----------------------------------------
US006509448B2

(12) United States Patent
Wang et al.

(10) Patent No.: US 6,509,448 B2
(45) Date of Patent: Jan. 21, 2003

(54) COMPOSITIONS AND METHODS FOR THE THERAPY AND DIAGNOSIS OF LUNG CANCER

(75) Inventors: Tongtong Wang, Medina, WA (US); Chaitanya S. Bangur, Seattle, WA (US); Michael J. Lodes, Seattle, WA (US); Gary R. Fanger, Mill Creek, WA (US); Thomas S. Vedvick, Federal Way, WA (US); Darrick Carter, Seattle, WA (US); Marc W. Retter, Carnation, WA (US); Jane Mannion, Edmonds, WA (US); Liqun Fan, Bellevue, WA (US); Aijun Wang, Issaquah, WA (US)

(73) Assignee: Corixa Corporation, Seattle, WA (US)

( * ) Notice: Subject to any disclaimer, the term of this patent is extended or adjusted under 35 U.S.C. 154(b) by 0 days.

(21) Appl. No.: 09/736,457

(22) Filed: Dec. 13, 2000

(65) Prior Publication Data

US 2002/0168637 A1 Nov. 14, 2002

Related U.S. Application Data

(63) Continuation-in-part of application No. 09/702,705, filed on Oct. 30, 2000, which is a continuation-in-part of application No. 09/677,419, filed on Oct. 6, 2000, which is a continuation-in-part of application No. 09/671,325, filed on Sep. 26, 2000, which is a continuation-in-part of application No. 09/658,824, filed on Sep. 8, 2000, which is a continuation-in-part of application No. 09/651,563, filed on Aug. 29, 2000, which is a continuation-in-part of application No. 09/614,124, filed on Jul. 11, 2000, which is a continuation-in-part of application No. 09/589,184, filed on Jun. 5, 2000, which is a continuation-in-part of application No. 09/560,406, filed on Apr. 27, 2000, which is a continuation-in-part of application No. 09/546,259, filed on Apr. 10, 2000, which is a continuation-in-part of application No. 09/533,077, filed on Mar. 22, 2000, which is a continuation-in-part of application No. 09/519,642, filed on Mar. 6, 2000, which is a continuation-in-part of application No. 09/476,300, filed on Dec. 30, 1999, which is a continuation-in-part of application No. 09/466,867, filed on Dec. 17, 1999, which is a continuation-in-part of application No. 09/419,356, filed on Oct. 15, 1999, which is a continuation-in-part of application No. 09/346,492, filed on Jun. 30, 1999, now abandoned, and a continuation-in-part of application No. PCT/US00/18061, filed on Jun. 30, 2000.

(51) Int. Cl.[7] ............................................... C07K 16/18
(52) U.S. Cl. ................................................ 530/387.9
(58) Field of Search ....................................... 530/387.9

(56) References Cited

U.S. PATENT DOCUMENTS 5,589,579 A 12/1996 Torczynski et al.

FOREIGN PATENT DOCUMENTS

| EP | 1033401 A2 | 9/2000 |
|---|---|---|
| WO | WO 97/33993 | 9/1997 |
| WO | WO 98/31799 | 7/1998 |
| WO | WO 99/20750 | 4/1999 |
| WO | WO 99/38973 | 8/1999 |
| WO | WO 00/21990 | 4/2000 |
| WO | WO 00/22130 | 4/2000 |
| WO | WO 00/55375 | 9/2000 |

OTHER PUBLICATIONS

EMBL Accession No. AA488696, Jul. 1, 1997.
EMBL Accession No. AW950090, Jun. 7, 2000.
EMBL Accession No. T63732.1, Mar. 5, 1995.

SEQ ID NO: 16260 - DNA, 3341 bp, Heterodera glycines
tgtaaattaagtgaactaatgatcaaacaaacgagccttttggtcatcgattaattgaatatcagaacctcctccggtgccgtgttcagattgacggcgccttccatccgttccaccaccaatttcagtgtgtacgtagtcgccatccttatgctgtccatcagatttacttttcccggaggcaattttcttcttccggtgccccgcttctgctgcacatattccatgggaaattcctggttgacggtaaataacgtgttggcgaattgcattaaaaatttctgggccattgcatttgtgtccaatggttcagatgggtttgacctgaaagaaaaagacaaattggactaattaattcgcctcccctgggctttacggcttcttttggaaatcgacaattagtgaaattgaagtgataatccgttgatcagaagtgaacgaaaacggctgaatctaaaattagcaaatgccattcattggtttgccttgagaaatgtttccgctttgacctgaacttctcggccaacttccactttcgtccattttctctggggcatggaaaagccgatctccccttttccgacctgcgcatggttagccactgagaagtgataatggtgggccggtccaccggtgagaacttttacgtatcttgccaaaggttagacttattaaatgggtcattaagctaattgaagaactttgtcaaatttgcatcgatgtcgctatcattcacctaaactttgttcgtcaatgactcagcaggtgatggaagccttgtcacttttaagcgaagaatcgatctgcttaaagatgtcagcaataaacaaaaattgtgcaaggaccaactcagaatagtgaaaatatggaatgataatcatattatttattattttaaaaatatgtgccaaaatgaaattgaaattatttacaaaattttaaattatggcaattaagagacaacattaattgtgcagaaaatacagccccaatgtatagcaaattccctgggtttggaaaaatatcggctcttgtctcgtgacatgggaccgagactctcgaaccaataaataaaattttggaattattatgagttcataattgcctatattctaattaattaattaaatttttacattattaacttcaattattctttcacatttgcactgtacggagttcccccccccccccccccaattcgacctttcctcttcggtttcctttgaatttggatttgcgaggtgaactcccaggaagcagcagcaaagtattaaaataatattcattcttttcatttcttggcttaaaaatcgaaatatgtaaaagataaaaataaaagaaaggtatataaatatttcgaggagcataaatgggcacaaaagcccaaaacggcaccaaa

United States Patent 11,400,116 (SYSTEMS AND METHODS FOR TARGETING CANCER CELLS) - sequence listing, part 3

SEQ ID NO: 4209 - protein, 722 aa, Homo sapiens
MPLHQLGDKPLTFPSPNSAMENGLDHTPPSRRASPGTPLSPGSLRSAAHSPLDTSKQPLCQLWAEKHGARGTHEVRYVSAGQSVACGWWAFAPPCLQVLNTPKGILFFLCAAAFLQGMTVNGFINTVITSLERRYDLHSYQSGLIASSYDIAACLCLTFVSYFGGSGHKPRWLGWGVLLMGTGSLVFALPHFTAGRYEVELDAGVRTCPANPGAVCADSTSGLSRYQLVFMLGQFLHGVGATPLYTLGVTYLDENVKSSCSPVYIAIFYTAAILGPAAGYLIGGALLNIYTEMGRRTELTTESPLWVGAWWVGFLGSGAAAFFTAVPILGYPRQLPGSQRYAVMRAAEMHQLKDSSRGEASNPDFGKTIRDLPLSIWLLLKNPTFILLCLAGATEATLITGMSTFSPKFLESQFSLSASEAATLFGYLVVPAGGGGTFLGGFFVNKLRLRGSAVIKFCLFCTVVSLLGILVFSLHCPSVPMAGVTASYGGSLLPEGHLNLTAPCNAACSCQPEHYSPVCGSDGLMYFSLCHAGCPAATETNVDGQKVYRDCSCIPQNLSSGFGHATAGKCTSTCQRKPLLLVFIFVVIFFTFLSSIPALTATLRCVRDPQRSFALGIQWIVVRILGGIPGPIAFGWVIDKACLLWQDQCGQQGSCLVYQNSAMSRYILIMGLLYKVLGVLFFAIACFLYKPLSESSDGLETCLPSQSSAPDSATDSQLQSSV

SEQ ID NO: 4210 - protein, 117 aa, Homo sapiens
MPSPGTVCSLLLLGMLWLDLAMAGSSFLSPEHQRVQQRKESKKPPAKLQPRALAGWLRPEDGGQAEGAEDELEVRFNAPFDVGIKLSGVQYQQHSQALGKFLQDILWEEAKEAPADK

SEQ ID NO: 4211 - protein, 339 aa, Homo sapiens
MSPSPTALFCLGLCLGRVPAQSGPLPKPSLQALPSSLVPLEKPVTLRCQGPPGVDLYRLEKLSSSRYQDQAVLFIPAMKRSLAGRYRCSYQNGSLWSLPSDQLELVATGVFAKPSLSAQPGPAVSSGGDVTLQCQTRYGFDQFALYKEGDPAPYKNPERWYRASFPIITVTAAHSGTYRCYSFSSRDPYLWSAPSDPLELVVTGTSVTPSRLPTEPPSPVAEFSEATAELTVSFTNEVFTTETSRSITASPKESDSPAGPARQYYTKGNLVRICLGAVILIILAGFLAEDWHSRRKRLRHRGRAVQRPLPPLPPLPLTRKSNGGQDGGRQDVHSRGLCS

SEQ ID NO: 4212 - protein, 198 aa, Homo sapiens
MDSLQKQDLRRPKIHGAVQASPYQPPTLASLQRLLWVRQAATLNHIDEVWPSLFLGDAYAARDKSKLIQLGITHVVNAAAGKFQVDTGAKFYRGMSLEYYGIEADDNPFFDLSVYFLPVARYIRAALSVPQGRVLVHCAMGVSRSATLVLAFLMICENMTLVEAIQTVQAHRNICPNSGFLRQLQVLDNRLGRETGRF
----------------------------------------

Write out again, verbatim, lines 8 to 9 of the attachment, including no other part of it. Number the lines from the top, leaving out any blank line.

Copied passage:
(73) Assignee: Corixa Corporation, Seattle, WA (US)

( * ) Notice: Subject to any disclaimer, the term of this patent is extended or adjusted under 35 U.S.C. 154(b) by 0 days.